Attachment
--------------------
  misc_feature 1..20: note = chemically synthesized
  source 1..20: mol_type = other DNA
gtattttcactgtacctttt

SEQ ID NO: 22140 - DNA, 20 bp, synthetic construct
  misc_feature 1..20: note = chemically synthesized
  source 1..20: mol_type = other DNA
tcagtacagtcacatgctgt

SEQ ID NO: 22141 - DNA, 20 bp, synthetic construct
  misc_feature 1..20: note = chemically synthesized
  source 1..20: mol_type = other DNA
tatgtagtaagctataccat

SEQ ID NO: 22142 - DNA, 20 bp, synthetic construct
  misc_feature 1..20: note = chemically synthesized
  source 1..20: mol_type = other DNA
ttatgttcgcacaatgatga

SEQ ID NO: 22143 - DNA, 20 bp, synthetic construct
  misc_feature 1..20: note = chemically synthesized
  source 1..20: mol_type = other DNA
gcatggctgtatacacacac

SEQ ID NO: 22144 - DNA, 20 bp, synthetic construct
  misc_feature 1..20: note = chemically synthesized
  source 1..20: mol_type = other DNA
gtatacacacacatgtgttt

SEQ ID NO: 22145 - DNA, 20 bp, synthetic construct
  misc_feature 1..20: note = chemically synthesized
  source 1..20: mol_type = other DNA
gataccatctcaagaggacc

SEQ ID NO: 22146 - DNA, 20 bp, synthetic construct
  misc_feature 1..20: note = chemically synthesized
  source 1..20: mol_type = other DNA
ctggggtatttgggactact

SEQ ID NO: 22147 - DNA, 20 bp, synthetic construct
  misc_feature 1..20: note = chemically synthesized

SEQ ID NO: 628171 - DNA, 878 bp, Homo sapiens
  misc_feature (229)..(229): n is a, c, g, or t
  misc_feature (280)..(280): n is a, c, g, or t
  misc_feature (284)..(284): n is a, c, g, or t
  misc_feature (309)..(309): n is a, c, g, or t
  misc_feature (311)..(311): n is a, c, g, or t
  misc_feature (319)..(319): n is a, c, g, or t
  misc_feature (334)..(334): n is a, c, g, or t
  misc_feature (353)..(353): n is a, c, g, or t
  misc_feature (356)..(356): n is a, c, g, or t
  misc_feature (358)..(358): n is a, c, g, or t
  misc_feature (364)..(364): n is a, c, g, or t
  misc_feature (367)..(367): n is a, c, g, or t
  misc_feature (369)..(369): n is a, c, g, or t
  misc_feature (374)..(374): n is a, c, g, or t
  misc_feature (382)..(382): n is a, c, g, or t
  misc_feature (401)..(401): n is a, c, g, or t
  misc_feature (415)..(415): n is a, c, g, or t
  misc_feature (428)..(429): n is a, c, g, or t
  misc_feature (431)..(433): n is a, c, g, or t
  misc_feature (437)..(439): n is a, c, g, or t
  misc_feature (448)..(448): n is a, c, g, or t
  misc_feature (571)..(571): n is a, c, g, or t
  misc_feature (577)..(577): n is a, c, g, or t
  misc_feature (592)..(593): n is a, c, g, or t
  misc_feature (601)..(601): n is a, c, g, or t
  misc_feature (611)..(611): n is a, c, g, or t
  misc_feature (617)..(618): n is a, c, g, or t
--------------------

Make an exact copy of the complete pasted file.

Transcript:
  misc_feature 1..20: note = chemically synthesized
  source 1..20: mol_type = other DNA
gtattttcactgtacctttt

SEQ ID NO: 22140 - DNA, 20 bp, synthetic construct
  misc_feature 1..20: note = chemically synthesized
  source 1..20: mol_type = other DNA
tcagtacagtcacatgctgt

SEQ ID NO: 22141 - DNA, 20 bp, synthetic construct
  misc_feature 1..20: note = chemically synthesized
  source 1..20: mol_type = other DNA
tatgtagtaagctataccat

SEQ ID NO: 22142 - DNA, 20 bp, synthetic construct
  misc_feature 1..20: note = chemically synthesized
  source 1..20: mol_type = other DNA
ttatgttcgcacaatgatga

SEQ ID NO: 22143 - DNA, 20 bp, synthetic construct
  misc_feature 1..20: note = chemically synthesized
  source 1..20: mol_type = other DNA
gcatggctgtatacacacac

SEQ ID NO: 22144 - DNA, 20 bp, synthetic construct
  misc_feature 1..20: note = chemically synthesized
  source 1..20: mol_type = other DNA
gtatacacacacatgtgttt

SEQ ID NO: 22145 - DNA, 20 bp, synthetic construct
  misc_feature 1..20: note = chemically synthesized
  source 1..20: mol_type = other DNA
gataccatctcaagaggacc

SEQ ID NO: 22146 - DNA, 20 bp, synthetic construct
  misc_feature 1..20: note = chemically synthesized
  source 1..20: mol_type = other DNA
ctggggtatttgggactact

SEQ ID NO: 22147 - DNA, 20 bp, synthetic construct
  misc_feature 1..20: note = chemically synthesized

SEQ ID NO: 628171 - DNA, 878 bp, Homo sapiens
  misc_feature (229)..(229): n is a, c, g, or t
  misc_feature (280)..(280): n is a, c, g, or t
  misc_feature (284)..(284): n is a, c, g, or t
  misc_feature (309)..(309): n is a, c, g, or t
  misc_feature (311)..(311): n is a, c, g, or t
  misc_feature (319)..(319): n is a, c, g, or t
  misc_feature (334)..(334): n is a, c, g, or t
  misc_feature (353)..(353): n is a, c, g, or t
  misc_feature (356)..(356): n is a, c, g, or t
  misc_feature (358)..(358): n is a, c, g, or t
  misc_feature (364)..(364): n is a, c, g, or t
  misc_feature (367)..(367): n is a, c, g, or t
  misc_feature (369)..(369): n is a, c, g, or t
  misc_feature (374)..(374): n is a, c, g, or t
  misc_feature (382)..(382): n is a, c, g, or t
  misc_feature (401)..(401): n is a, c, g, or t
  misc_feature (415)..(415): n is a, c, g, or t
  misc_feature (428)..(429): n is a, c, g, or t
  misc_feature (431)..(433): n is a, c, g, or t
  misc_feature (437)..(439): n is a, c, g, or t
  misc_feature (448)..(448): n is a, c, g, or t
  misc_feature (571)..(571): n is a, c, g, or t
  misc_feature (577)..(577): n is a, c, g, or t
  misc_feature (592)..(593): n is a, c, g, or t
  misc_feature (601)..(601): n is a, c, g, or t
  misc_feature (611)..(611): n is a, c, g, or t
  misc_feature (617)..(618): n is a, c, g, or t